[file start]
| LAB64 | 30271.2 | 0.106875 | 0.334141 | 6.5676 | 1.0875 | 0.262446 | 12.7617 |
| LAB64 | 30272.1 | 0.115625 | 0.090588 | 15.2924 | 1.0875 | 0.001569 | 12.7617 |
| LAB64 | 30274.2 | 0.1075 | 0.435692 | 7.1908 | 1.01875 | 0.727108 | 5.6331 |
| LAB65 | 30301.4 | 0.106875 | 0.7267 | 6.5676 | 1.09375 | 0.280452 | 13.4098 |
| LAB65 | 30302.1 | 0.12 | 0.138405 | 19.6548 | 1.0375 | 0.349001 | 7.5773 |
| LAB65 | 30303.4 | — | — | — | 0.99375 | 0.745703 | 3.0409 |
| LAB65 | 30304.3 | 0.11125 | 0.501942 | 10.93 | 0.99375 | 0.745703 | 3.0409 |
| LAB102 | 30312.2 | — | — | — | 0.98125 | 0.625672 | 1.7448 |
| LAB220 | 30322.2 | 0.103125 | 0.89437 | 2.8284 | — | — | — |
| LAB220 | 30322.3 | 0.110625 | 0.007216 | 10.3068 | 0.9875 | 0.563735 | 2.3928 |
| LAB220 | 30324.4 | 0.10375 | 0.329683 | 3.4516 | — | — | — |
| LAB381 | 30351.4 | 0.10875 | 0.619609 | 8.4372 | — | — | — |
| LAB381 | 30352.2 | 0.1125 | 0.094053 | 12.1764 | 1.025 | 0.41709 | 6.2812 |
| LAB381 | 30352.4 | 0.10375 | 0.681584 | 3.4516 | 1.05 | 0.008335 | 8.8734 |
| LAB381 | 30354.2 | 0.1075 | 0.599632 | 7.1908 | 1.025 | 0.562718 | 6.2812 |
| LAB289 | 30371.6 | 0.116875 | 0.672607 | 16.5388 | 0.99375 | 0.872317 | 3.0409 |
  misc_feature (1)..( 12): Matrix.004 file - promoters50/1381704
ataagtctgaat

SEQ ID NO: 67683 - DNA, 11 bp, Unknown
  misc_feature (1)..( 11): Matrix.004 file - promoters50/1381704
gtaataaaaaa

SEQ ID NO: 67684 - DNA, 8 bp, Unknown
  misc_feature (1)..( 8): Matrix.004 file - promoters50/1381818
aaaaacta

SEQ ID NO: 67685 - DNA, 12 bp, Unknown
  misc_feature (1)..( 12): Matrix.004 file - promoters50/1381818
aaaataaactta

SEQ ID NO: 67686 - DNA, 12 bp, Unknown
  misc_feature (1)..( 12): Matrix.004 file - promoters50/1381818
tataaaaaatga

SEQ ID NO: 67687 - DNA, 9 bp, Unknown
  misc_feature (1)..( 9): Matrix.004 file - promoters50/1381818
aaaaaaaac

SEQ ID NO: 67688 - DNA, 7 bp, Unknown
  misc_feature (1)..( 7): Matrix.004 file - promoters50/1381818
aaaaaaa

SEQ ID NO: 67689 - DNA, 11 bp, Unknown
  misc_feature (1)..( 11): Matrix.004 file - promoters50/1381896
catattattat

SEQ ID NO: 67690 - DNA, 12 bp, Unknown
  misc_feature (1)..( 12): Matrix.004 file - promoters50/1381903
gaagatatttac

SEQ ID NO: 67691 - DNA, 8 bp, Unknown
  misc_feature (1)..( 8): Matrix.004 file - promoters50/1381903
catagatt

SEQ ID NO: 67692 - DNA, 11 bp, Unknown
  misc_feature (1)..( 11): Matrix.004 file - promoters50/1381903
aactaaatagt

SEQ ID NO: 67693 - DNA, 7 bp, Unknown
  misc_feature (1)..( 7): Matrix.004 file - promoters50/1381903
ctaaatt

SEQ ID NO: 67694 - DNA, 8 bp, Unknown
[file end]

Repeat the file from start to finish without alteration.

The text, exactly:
| LAB64 | 30271.2 | 0.106875 | 0.334141 | 6.5676 | 1.0875 | 0.262446 | 12.7617 |
| LAB64 | 30272.1 | 0.115625 | 0.090588 | 15.2924 | 1.0875 | 0.001569 | 12.7617 |
| LAB64 | 30274.2 | 0.1075 | 0.435692 | 7.1908 | 1.01875 | 0.727108 | 5.6331 |
| LAB65 | 30301.4 | 0.106875 | 0.7267 | 6.5676 | 1.09375 | 0.280452 | 13.4098 |
| LAB65 | 30302.1 | 0.12 | 0.138405 | 19.6548 | 1.0375 | 0.349001 | 7.5773 |
| LAB65 | 30303.4 | — | — | — | 0.99375 | 0.745703 | 3.0409 |
| LAB65 | 30304.3 | 0.11125 | 0.501942 | 10.93 | 0.99375 | 0.745703 | 3.0409 |
| LAB102 | 30312.2 | — | — | — | 0.98125 | 0.625672 | 1.7448 |
| LAB220 | 30322.2 | 0.103125 | 0.89437 | 2.8284 | — | — | — |
| LAB220 | 30322.3 | 0.110625 | 0.007216 | 10.3068 | 0.9875 | 0.563735 | 2.3928 |
| LAB220 | 30324.4 | 0.10375 | 0.329683 | 3.4516 | — | — | — |
| LAB381 | 30351.4 | 0.10875 | 0.619609 | 8.4372 | — | — | — |
| LAB381 | 30352.2 | 0.1125 | 0.094053 | 12.1764 | 1.025 | 0.41709 | 6.2812 |
| LAB381 | 30352.4 | 0.10375 | 0.681584 | 3.4516 | 1.05 | 0.008335 | 8.8734 |
| LAB381 | 30354.2 | 0.1075 | 0.599632 | 7.1908 | 1.025 | 0.562718 | 6.2812 |
| LAB289 | 30371.6 | 0.116875 | 0.672607 | 16.5388 | 0.99375 | 0.872317 | 3.0409 |
  misc_feature (1)..( 12): Matrix.004 file - promoters50/1381704
ataagtctgaat

SEQ ID NO: 67683 - DNA, 11 bp, Unknown
  misc_feature (1)..( 11): Matrix.004 file - promoters50/1381704
gtaataaaaaa

SEQ ID NO: 67684 - DNA, 8 bp, Unknown
  misc_feature (1)..( 8): Matrix.004 file - promoters50/1381818
aaaaacta

SEQ ID NO: 67685 - DNA, 12 bp, Unknown
  misc_feature (1)..( 12): Matrix.004 file - promoters50/1381818
aaaataaactta

SEQ ID NO: 67686 - DNA, 12 bp, Unknown
  misc_feature (1)..( 12): Matrix.004 file - promoters50/1381818
tataaaaaatga

SEQ ID NO: 67687 - DNA, 9 bp, Unknown
  misc_feature (1)..( 9): Matrix.004 file - promoters50/1381818
aaaaaaaac

SEQ ID NO: 67688 - DNA, 7 bp, Unknown
  misc_feature (1)..( 7): Matrix.004 file - promoters50/1381818
aaaaaaa

SEQ ID NO: 67689 - DNA, 11 bp, Unknown
  misc_feature (1)..( 11): Matrix.004 file - promoters50/1381896
catattattat

SEQ ID NO: 67690 - DNA, 12 bp, Unknown
  misc_feature (1)..( 12): Matrix.004 file - promoters50/1381903
gaagatatttac

SEQ ID NO: 67691 - DNA, 8 bp, Unknown
  misc_feature (1)..( 8): Matrix.004 file - promoters50/1381903
catagatt

SEQ ID NO: 67692 - DNA, 11 bp, Unknown
  misc_feature (1)..( 11): Matrix.004 file - promoters50/1381903
aactaaatagt

SEQ ID NO: 67693 - DNA, 7 bp, Unknown
  misc_feature (1)..( 7): Matrix.004 file - promoters50/1381903
ctaaatt

SEQ ID NO: 67694 - DNA, 8 bp, Unknown